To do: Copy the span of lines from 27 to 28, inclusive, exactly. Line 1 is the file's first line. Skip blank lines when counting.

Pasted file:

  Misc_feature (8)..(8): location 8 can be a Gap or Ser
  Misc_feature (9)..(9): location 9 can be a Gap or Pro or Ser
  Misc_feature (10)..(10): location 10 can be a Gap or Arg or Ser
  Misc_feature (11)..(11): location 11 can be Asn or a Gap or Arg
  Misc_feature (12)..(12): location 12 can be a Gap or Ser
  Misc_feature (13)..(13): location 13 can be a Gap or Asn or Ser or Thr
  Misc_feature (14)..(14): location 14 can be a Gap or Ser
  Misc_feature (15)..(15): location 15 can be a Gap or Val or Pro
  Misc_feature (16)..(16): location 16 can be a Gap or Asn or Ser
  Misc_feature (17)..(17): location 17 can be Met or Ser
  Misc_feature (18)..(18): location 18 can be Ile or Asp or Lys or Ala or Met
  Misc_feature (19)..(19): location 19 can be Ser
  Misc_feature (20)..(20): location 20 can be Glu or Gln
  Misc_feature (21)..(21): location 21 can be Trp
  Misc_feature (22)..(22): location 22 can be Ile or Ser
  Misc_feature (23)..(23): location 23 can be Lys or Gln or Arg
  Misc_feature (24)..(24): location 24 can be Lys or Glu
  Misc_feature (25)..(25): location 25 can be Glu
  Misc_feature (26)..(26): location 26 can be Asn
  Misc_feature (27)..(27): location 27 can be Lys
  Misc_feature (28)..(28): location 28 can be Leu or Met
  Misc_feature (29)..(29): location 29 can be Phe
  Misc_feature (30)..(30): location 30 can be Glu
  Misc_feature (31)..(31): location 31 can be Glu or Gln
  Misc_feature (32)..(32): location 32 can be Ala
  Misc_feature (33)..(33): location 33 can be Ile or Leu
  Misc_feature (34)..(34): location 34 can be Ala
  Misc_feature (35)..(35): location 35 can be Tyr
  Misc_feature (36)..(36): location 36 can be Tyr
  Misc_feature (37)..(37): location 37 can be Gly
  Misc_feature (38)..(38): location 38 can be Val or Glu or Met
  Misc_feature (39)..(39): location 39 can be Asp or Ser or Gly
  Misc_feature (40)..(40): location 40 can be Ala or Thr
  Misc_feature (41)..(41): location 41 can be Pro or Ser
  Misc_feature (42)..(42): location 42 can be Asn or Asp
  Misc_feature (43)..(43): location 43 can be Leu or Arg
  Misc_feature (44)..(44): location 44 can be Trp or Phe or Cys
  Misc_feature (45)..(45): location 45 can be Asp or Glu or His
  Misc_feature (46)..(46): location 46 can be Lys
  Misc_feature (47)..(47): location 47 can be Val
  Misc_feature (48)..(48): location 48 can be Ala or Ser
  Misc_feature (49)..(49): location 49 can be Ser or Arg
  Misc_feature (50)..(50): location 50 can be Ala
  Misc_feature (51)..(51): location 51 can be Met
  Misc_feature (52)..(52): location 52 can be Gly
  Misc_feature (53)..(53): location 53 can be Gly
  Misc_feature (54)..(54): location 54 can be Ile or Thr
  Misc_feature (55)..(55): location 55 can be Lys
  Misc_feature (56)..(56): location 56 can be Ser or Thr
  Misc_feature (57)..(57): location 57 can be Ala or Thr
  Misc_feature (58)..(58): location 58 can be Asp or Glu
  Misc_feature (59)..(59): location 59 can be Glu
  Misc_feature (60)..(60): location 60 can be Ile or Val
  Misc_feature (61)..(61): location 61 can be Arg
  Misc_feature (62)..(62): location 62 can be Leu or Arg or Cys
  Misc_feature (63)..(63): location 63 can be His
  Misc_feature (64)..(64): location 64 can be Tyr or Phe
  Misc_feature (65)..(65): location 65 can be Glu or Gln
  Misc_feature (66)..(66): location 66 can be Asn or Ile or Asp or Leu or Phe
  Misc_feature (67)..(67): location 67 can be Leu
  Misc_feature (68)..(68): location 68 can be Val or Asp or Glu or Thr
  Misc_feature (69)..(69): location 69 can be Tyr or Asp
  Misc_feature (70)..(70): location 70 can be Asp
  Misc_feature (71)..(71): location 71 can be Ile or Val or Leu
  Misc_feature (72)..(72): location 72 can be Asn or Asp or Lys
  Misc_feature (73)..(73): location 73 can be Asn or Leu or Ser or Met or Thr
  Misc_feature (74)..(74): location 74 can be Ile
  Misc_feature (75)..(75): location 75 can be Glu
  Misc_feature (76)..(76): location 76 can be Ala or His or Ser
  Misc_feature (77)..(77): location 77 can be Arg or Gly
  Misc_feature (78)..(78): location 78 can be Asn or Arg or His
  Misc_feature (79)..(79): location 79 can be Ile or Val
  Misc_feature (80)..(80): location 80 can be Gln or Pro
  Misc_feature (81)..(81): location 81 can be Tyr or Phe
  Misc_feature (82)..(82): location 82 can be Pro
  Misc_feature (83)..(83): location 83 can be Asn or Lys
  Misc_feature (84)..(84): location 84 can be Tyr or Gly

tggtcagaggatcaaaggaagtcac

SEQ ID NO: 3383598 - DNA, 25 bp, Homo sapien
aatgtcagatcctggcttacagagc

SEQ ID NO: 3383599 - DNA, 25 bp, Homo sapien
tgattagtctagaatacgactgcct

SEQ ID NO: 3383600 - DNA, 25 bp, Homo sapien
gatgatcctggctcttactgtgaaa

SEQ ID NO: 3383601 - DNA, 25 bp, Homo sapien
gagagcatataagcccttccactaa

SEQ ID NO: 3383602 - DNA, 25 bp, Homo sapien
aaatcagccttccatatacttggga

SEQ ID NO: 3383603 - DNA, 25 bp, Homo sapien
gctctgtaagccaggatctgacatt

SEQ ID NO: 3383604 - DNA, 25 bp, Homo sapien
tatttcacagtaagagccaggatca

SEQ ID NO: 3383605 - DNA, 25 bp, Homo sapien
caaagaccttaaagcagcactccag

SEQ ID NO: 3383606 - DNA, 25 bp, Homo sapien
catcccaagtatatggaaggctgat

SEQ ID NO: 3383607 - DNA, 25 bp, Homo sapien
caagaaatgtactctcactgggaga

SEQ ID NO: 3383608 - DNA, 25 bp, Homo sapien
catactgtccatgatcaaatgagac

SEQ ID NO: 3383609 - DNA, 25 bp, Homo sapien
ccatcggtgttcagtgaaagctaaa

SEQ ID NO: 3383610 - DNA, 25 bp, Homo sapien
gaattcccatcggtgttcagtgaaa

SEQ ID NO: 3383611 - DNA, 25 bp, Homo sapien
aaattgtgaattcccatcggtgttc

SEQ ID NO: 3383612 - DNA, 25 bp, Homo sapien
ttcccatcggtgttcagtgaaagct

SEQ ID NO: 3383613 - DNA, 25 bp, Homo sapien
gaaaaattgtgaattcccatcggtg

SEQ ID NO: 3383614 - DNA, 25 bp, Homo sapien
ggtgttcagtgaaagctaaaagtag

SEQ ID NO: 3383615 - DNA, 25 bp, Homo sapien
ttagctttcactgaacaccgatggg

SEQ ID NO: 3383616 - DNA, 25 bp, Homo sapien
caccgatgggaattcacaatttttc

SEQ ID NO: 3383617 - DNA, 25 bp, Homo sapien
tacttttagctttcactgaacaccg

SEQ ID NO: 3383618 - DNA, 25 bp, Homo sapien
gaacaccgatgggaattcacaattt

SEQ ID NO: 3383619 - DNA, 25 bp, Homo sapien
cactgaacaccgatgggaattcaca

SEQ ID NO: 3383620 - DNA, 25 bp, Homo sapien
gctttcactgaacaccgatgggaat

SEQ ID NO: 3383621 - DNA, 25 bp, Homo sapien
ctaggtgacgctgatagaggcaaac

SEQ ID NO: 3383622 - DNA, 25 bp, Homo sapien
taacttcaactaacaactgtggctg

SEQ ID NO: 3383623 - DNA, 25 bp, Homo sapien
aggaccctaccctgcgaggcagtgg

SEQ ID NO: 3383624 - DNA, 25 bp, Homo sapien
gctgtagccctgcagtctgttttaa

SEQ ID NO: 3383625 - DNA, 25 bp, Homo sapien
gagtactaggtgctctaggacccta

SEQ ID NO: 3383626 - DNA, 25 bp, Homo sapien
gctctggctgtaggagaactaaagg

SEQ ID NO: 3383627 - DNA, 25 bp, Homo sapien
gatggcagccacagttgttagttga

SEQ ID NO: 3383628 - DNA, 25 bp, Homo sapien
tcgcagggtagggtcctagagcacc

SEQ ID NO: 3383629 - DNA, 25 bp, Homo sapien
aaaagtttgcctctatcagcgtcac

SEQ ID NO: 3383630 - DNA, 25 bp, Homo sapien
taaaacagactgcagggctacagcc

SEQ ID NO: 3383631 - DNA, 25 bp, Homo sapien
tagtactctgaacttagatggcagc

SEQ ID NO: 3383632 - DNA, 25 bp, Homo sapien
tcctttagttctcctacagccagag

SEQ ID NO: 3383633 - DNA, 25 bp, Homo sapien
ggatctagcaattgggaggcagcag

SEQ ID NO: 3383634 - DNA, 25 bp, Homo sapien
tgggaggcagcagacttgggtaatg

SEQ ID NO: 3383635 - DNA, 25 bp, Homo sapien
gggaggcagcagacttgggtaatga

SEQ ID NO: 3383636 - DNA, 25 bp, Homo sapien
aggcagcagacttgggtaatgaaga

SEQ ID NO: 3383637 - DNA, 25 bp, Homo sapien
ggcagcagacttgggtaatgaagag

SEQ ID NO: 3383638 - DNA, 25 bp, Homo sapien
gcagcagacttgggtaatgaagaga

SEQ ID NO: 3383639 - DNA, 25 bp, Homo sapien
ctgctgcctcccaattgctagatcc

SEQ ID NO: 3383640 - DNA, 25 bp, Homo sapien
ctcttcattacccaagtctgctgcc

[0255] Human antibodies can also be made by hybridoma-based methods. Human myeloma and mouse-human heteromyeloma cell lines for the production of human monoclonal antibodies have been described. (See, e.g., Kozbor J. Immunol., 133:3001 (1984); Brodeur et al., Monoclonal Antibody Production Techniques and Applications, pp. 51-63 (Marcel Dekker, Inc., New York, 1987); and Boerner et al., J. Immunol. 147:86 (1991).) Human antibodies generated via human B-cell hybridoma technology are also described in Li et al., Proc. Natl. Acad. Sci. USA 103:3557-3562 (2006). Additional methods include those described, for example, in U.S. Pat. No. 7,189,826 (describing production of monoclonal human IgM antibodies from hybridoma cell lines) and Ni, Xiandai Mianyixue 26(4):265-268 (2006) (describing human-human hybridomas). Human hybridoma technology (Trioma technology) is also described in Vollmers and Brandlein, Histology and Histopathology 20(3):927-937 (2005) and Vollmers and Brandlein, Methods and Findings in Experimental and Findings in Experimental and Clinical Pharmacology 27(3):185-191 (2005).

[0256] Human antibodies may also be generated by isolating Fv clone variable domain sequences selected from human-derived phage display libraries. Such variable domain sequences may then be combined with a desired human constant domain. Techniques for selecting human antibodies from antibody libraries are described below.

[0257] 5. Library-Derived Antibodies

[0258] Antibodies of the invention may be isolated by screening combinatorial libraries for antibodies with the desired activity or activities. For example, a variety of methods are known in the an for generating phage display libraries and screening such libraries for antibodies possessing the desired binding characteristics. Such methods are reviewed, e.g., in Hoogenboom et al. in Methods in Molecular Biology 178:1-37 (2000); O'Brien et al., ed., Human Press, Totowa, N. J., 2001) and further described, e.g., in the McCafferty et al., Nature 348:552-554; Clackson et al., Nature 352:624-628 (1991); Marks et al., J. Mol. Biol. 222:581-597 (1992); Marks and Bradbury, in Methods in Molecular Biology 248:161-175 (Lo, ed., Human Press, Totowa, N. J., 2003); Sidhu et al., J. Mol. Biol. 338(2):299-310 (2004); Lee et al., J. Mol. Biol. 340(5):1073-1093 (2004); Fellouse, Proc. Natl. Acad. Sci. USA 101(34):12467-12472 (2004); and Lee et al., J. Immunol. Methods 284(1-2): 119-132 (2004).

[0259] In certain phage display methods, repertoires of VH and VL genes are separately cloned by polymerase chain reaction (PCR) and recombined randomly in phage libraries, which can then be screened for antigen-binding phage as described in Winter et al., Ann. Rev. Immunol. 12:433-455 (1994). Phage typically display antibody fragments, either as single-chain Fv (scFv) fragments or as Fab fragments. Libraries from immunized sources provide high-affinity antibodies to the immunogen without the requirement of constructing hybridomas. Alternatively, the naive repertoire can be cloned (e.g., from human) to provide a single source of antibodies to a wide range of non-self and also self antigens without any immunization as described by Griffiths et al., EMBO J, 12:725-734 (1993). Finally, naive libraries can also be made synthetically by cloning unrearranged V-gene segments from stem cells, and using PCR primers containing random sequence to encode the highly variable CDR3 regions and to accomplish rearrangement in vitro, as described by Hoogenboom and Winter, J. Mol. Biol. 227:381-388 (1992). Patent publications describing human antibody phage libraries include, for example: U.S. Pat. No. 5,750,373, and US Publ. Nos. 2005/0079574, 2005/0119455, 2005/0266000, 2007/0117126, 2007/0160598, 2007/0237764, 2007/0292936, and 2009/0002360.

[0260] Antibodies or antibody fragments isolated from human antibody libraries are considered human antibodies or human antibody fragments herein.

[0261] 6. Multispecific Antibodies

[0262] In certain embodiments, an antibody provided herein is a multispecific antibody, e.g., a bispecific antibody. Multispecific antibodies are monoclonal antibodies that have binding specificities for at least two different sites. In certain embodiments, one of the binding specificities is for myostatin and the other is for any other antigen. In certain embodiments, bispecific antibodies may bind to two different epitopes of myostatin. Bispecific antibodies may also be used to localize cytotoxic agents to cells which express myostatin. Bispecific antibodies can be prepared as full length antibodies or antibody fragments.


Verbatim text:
  Misc_feature (34)..(34): location 34 can be Ala
  Misc_feature (35)..(35): location 35 can be Tyr